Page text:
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November 03, 2009


Storage guy.com

If This is EMC's solution to NetApp's Dynamic Data Centre Solution then it looks expensive and disjointed.

Lower costs by deferring payments almost sounds laughable when you look at the costs of VMax and its lack of integration between other EMC products.

Im sure this will create some creative discussion

Chuck Hollis

Hi, whoever you are.

My strong recommendation to all posters is to identify your affiliation. In particular, many consider it an ethical breach for an employee of a company, such as NetApp, to masquerade as another individual.

You know, I went through the NetApp DDC pitch in detail, and all I saw was some mid-tier filers. I mean, if that's all you've got as a vendor, that's what you've got to go with.

You're welcome to throw rocks, since that what I expect competitors to do. However, in this case, we've seen enough traction from customers and partners alike that we're pretty confident in the value proposition here.

BTW, there's more to the discussion than just storage :-)

-- Chuck

Nicholas Orr

"Cisco’s ability to support as much as 4x the amount of commodity SDDR3 RAM on a blade will also allow a greater number of virtual machines to run on a single blade, and virtualization environments tend to be more memory than CPU bound."

This is all airy fairy theory - when are the practical solutions that I can browse coming?

Practical like:
- has this cpu
- has this amount of ram
- has this many NICs
- has this sort of PCI/PCI-X/PCIe
- has this sort of storage
- all that costs xyz

Would like to see a page/link that shows an actual solution ("V-Block") and how it solves an actual need :)

The concept and theory sounds great - I'm sure the managerial types are excited, however these types aren't the one's that have to figure out how this actually works. It is now like they unpack boxes and plug power cords in etc.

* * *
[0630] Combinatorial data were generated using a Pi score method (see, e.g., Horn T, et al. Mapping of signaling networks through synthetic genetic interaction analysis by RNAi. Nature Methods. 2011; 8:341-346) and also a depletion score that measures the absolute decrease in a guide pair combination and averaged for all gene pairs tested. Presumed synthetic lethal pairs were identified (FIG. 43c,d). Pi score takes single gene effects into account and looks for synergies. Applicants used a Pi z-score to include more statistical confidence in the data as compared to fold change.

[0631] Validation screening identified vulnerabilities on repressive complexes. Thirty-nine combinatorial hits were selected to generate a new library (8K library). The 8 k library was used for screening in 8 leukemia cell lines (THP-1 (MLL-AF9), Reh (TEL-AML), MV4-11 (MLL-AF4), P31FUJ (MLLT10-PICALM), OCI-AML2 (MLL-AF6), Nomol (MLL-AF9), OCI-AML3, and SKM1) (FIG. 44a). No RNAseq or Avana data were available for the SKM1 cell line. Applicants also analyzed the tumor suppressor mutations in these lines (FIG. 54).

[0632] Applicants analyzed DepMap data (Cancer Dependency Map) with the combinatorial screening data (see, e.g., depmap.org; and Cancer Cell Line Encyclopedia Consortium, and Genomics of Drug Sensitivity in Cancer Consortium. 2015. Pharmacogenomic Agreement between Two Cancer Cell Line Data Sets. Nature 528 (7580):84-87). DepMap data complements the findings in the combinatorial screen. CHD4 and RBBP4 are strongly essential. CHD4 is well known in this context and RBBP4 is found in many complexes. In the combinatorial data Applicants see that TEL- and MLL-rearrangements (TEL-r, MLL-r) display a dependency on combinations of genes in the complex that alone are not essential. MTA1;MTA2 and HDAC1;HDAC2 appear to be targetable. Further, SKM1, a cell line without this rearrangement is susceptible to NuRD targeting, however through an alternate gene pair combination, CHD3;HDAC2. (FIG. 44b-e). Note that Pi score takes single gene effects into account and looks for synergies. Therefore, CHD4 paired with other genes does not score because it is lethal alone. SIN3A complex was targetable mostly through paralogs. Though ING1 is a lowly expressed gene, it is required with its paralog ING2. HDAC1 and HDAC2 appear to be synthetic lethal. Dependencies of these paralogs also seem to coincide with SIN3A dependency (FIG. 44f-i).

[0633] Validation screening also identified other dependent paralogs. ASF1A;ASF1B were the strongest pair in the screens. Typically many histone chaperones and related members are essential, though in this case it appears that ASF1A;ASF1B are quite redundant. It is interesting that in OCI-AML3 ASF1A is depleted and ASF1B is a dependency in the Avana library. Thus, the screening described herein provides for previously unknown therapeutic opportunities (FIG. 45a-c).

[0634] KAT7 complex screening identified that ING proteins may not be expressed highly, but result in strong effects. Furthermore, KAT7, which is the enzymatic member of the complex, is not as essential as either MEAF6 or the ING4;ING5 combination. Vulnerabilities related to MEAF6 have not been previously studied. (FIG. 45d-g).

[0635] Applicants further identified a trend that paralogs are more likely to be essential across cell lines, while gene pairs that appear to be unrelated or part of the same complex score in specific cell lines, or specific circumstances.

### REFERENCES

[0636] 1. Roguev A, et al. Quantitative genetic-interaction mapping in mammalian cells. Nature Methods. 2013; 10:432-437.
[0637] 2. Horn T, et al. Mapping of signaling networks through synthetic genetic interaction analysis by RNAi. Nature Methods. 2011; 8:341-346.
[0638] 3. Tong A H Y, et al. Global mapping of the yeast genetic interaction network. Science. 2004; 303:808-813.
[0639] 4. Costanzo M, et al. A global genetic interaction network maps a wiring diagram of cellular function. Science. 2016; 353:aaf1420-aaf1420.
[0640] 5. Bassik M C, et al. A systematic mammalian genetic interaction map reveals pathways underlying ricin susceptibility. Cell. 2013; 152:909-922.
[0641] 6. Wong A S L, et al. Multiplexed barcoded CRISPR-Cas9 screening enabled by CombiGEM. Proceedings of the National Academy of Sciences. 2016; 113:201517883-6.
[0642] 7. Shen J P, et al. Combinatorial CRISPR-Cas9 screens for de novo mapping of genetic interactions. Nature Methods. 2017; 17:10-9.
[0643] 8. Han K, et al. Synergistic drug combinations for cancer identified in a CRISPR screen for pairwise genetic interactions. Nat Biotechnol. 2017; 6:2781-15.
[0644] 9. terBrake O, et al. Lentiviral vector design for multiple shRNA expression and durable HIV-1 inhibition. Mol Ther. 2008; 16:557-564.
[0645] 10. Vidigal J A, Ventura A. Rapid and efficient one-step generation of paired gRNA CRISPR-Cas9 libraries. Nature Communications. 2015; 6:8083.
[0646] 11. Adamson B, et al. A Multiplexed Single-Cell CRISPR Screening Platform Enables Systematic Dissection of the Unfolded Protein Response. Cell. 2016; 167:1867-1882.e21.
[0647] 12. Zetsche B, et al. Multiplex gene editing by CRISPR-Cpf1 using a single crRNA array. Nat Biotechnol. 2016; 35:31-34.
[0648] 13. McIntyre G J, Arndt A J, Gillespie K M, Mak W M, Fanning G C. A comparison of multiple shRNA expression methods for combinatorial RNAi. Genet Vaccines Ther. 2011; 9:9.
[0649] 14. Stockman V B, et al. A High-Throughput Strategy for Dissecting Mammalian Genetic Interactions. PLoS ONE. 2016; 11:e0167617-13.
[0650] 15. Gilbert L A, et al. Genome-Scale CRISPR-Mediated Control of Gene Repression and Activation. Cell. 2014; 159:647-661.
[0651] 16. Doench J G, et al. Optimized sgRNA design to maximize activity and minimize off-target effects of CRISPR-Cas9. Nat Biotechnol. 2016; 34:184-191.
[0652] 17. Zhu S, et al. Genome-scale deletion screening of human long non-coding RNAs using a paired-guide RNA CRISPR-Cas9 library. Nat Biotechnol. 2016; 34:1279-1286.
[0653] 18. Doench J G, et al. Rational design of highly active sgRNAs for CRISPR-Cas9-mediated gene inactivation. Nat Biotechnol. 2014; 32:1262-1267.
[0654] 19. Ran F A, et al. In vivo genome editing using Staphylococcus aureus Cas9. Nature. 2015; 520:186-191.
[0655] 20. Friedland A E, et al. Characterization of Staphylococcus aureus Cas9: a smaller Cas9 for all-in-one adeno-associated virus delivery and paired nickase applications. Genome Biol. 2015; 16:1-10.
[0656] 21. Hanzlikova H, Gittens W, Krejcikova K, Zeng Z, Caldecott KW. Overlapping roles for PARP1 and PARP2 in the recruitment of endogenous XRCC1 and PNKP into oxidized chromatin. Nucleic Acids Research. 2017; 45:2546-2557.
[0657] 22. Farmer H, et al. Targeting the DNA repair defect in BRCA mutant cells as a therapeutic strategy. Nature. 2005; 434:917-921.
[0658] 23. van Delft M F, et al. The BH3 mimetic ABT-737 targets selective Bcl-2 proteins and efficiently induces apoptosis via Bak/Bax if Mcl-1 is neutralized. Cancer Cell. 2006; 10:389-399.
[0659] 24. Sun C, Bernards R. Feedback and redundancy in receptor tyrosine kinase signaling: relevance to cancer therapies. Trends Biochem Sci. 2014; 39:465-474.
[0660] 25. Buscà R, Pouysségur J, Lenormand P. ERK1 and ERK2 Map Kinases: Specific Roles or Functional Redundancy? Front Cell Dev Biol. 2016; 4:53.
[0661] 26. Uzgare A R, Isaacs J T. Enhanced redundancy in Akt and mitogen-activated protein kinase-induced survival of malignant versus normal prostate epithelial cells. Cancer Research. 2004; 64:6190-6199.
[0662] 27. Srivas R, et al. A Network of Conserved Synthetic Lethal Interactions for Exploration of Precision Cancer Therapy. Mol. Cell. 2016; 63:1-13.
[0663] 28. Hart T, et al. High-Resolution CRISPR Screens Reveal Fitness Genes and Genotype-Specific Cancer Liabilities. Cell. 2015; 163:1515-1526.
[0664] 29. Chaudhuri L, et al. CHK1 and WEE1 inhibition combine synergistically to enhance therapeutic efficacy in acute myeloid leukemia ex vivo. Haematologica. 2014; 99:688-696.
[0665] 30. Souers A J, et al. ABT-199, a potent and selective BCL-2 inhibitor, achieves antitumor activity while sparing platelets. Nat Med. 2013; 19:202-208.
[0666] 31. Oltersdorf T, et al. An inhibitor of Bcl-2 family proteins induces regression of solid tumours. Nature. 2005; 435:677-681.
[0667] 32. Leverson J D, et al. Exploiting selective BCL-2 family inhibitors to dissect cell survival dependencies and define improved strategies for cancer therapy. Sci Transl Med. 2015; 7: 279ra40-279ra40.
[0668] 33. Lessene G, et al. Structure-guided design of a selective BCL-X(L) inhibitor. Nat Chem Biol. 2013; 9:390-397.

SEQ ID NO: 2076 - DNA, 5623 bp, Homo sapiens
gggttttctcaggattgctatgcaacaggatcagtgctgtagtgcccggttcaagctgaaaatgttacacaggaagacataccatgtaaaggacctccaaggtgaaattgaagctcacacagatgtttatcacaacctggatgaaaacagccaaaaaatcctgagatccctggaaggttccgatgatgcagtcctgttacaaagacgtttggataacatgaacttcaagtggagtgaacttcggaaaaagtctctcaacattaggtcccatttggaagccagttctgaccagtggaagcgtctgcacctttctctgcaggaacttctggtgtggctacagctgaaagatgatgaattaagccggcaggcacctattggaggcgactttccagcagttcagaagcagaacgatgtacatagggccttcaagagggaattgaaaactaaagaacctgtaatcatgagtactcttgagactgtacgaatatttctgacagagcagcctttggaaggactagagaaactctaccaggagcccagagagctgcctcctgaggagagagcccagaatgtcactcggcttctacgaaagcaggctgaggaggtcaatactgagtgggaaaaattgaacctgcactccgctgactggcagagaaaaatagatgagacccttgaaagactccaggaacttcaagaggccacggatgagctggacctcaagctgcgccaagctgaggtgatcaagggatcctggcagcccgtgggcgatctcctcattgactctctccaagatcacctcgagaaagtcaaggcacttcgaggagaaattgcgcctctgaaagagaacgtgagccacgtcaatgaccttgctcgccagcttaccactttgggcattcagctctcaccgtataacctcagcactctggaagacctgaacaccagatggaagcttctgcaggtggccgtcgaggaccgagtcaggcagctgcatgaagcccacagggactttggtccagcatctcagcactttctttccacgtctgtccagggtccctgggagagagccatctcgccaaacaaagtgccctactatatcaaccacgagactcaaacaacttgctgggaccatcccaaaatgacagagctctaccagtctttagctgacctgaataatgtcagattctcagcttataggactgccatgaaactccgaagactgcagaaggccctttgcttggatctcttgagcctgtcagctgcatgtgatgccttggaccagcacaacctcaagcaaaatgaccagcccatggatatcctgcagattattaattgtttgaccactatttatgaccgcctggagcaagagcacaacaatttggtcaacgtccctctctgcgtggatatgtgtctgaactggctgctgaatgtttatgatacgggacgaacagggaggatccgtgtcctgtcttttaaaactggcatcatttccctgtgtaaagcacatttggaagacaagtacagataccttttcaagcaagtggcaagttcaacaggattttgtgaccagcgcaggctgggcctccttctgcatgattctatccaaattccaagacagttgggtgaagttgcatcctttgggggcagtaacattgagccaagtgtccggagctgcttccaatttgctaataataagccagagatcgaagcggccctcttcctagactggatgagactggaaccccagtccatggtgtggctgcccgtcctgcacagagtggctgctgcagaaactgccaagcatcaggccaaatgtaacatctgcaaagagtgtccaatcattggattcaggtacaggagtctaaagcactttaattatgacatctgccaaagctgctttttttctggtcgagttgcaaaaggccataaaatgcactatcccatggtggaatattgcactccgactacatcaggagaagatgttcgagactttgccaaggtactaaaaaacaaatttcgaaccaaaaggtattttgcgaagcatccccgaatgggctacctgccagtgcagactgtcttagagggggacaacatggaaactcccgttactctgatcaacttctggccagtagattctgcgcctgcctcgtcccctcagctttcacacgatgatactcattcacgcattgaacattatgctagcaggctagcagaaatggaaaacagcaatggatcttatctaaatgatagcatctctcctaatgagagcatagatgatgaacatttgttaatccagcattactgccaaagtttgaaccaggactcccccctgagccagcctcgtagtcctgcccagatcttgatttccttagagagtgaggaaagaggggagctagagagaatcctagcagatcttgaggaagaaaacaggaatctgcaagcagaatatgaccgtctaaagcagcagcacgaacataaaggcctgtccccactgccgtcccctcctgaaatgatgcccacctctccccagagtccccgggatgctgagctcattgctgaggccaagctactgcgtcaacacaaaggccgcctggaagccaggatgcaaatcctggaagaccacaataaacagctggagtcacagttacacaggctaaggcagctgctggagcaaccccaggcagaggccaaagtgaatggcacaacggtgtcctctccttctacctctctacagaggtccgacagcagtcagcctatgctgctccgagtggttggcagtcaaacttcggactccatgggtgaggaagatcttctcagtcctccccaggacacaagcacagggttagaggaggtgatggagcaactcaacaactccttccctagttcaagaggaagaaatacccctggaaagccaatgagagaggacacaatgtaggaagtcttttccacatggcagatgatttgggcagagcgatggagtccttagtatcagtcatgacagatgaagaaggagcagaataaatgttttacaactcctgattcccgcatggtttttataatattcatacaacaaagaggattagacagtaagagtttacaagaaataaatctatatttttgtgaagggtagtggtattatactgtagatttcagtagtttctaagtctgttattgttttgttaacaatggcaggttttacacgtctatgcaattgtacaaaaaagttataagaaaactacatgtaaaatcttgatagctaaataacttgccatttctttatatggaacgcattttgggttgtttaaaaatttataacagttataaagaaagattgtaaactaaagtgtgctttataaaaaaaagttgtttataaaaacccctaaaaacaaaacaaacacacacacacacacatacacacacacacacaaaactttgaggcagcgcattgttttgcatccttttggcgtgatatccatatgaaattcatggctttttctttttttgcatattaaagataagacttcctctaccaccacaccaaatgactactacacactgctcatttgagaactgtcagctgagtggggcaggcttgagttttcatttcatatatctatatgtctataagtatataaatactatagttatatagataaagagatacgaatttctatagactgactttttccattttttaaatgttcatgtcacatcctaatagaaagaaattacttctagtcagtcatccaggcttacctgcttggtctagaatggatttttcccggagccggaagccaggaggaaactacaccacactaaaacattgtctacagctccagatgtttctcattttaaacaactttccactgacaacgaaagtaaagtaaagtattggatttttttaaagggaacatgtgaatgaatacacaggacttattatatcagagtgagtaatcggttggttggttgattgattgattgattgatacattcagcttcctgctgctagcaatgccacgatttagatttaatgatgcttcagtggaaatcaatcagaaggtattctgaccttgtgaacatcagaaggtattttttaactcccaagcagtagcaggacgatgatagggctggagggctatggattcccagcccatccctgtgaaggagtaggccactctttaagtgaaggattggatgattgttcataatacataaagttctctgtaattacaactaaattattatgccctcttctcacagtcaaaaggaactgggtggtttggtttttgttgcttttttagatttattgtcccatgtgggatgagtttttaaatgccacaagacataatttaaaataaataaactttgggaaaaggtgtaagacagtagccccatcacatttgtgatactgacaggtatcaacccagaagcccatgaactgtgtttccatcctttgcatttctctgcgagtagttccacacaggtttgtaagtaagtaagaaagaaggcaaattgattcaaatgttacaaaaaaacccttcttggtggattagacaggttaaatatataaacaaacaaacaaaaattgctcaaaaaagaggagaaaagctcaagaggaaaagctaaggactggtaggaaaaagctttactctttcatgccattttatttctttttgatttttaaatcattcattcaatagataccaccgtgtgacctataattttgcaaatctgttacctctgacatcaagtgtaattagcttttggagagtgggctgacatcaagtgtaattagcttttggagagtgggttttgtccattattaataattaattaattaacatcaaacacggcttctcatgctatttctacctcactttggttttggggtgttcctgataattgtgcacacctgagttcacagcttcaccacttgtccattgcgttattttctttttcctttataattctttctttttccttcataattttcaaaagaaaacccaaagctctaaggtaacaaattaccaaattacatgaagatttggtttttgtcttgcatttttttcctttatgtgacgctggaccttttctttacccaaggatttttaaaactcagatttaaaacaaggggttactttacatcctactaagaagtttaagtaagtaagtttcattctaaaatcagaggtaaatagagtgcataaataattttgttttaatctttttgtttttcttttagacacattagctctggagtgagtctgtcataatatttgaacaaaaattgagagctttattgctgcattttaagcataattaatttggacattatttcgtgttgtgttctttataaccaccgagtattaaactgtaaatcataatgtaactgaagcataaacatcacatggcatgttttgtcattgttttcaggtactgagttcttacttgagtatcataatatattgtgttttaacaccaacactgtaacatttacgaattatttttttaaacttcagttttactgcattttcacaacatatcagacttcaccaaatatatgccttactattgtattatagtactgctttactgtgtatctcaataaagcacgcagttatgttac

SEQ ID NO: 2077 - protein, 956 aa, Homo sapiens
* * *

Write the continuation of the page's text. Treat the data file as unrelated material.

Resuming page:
Looking forward to actual practicalities, specifications and details.


(interested IT guy that enjoys playing with infrastructure)

John Dias

Hi Chuck - customer here. Sorry but I don't get it - Vblock is a product or a service? Am I buying infrastructure to plug into my own DC or hosted services or managed services, etc etc... thanks.

Chuck Hollis

Hi Nick

A healthy skepticism is always good.

You'll a healthy amount of solutions qualifications from all of us (in addition to what's already out there), but -- frankly -- you won't believe a word of it until you see it running in your own shop, using your own applications.

I'd encourage you to study the data we'll be providing going forward, and see if you want to take the next step.

-- Chuck

Chuck Hollis

Hi John

Vblock can be best thought of as an integrated solution stack for efficient virtualization at scale: server, storage, network, hypervisor, management, security, etc.

Whether you decide to consume it as a traditional product, or consume it as a service, is really up to you and your circumstances. Acadia (working primarily through partners) can deliver it a service, or you can buy the integrated platform (again through a partner), or you can get the reference architecture and build one yourself if you choose.

Does this help?

-- Chuck

Nicholas Orr

Ok thanks Chuck - so that "data we'll be providing" isn't out yet, that's cool. I trust you'll blog about it when it is. You're in my Feedly for now.


Doug Rainbolt

I think the real merit of this announcement is EMC’s aggressive stand on advancing the ball. Chuck, while you might disagree with my assessment, I see the Vblock designs as stakes in the ground. Speaking somewhat metaphorically, they are carefully expressed opinions about what can work. Granted while the devil is in the details and not much has been disclosed about what exactly in included in each Vblock configuration, EMC is a stickler for details; the careful attention to what works with what is legendary. While EMC assertively advances the ball, I’m sure that customer experience will influence what gets sold and how the offering evolves. Expressing an opinion accelerates conversation and ultimately decisions. Customer decisions and preferences shape vendor opinions and so the cycle continues. Just keep the ball moving.